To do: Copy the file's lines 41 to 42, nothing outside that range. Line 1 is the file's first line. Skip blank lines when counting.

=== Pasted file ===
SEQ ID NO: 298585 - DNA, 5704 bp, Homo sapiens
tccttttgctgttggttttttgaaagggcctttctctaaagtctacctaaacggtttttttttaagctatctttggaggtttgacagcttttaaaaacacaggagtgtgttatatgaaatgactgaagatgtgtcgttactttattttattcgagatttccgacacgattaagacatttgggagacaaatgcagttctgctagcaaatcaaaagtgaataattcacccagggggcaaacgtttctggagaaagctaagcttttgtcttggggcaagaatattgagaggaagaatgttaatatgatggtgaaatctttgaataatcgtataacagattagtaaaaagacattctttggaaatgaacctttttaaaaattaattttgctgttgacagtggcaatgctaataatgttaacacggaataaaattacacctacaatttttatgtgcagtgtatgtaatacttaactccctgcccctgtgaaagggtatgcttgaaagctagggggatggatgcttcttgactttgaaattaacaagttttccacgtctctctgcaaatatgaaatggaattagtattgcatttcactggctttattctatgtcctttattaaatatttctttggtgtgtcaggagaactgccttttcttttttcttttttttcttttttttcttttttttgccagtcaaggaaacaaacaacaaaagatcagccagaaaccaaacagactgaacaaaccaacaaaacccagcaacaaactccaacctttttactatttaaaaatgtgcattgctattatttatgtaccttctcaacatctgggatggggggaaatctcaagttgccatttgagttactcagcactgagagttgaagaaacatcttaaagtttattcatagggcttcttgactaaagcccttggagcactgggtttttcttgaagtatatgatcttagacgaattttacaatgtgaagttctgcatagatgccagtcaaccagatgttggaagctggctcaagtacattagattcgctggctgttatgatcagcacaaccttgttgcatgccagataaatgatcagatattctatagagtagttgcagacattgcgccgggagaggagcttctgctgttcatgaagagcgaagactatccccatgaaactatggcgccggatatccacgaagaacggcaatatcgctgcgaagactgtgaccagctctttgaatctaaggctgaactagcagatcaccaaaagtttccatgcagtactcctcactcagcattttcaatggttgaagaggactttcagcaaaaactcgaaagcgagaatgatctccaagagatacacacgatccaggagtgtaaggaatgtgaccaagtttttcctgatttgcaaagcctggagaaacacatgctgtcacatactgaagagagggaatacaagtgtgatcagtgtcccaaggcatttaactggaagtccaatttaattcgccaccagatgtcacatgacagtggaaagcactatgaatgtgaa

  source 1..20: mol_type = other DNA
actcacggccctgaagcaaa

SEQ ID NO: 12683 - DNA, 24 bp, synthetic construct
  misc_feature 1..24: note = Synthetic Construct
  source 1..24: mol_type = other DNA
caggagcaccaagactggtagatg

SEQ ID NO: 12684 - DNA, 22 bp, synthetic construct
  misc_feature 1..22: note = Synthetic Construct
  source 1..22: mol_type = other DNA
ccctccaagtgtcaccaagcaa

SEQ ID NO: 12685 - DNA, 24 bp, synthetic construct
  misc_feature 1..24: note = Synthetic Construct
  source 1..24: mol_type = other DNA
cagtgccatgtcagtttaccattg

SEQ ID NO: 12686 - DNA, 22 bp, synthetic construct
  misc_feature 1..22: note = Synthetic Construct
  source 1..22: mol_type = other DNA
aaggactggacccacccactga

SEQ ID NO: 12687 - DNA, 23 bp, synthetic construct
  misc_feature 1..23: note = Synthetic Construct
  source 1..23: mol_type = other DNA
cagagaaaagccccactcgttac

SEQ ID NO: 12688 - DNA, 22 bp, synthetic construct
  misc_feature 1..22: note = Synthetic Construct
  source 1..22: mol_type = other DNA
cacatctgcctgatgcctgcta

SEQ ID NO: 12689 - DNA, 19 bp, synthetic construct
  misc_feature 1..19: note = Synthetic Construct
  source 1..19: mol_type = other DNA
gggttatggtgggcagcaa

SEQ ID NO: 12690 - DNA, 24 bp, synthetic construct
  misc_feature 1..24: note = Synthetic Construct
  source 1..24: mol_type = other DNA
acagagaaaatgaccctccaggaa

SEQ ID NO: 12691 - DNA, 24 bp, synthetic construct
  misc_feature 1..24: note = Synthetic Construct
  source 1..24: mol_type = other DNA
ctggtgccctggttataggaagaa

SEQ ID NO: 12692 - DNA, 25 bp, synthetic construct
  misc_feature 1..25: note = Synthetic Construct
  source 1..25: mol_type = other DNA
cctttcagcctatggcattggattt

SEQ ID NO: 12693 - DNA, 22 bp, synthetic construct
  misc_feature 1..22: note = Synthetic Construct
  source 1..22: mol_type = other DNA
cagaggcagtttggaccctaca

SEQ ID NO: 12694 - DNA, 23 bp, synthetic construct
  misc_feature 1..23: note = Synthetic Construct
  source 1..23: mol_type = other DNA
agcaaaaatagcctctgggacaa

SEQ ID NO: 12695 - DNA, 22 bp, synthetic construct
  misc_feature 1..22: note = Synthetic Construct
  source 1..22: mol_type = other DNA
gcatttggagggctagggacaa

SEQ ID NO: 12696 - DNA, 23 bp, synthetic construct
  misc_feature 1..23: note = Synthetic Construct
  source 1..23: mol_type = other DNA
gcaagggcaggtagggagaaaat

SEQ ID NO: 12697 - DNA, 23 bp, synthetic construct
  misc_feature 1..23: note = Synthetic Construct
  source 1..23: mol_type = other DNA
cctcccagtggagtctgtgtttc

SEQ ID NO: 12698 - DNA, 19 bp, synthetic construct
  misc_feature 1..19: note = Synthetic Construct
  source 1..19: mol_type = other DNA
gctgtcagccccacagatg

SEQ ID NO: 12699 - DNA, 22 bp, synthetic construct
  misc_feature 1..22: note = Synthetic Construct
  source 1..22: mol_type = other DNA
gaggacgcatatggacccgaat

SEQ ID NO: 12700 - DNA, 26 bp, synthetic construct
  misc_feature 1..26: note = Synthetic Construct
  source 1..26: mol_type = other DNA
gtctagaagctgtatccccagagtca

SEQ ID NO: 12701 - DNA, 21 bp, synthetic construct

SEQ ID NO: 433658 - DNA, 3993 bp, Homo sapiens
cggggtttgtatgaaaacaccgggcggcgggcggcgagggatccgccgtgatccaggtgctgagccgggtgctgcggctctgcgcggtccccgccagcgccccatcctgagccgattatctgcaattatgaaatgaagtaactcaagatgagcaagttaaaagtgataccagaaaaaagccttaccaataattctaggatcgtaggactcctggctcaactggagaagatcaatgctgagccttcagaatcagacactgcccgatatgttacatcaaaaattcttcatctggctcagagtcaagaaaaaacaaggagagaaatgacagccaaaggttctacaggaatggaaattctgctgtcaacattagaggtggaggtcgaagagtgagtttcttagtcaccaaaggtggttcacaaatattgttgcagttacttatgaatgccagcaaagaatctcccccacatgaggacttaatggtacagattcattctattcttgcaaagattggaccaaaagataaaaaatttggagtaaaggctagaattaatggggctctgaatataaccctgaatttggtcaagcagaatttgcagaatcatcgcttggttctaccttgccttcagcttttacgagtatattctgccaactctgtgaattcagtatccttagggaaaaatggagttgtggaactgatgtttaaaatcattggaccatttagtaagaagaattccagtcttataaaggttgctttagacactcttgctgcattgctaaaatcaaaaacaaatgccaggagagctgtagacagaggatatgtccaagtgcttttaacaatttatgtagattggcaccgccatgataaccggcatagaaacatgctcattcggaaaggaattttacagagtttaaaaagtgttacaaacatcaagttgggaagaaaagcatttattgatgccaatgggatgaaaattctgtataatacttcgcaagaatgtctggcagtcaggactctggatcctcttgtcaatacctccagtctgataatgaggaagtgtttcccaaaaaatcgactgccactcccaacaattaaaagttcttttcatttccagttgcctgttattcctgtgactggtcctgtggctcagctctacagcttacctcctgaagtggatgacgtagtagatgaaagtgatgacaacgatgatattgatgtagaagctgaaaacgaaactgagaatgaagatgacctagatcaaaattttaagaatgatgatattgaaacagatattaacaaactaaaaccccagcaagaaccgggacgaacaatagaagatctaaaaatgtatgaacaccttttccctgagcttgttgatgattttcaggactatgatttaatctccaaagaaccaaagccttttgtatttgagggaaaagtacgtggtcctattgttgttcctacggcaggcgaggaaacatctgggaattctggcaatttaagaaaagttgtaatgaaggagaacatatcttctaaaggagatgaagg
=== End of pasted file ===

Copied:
SEQ ID NO: 12692 - DNA, 25 bp, synthetic construct
  misc_feature 1..25: note = Synthetic Construct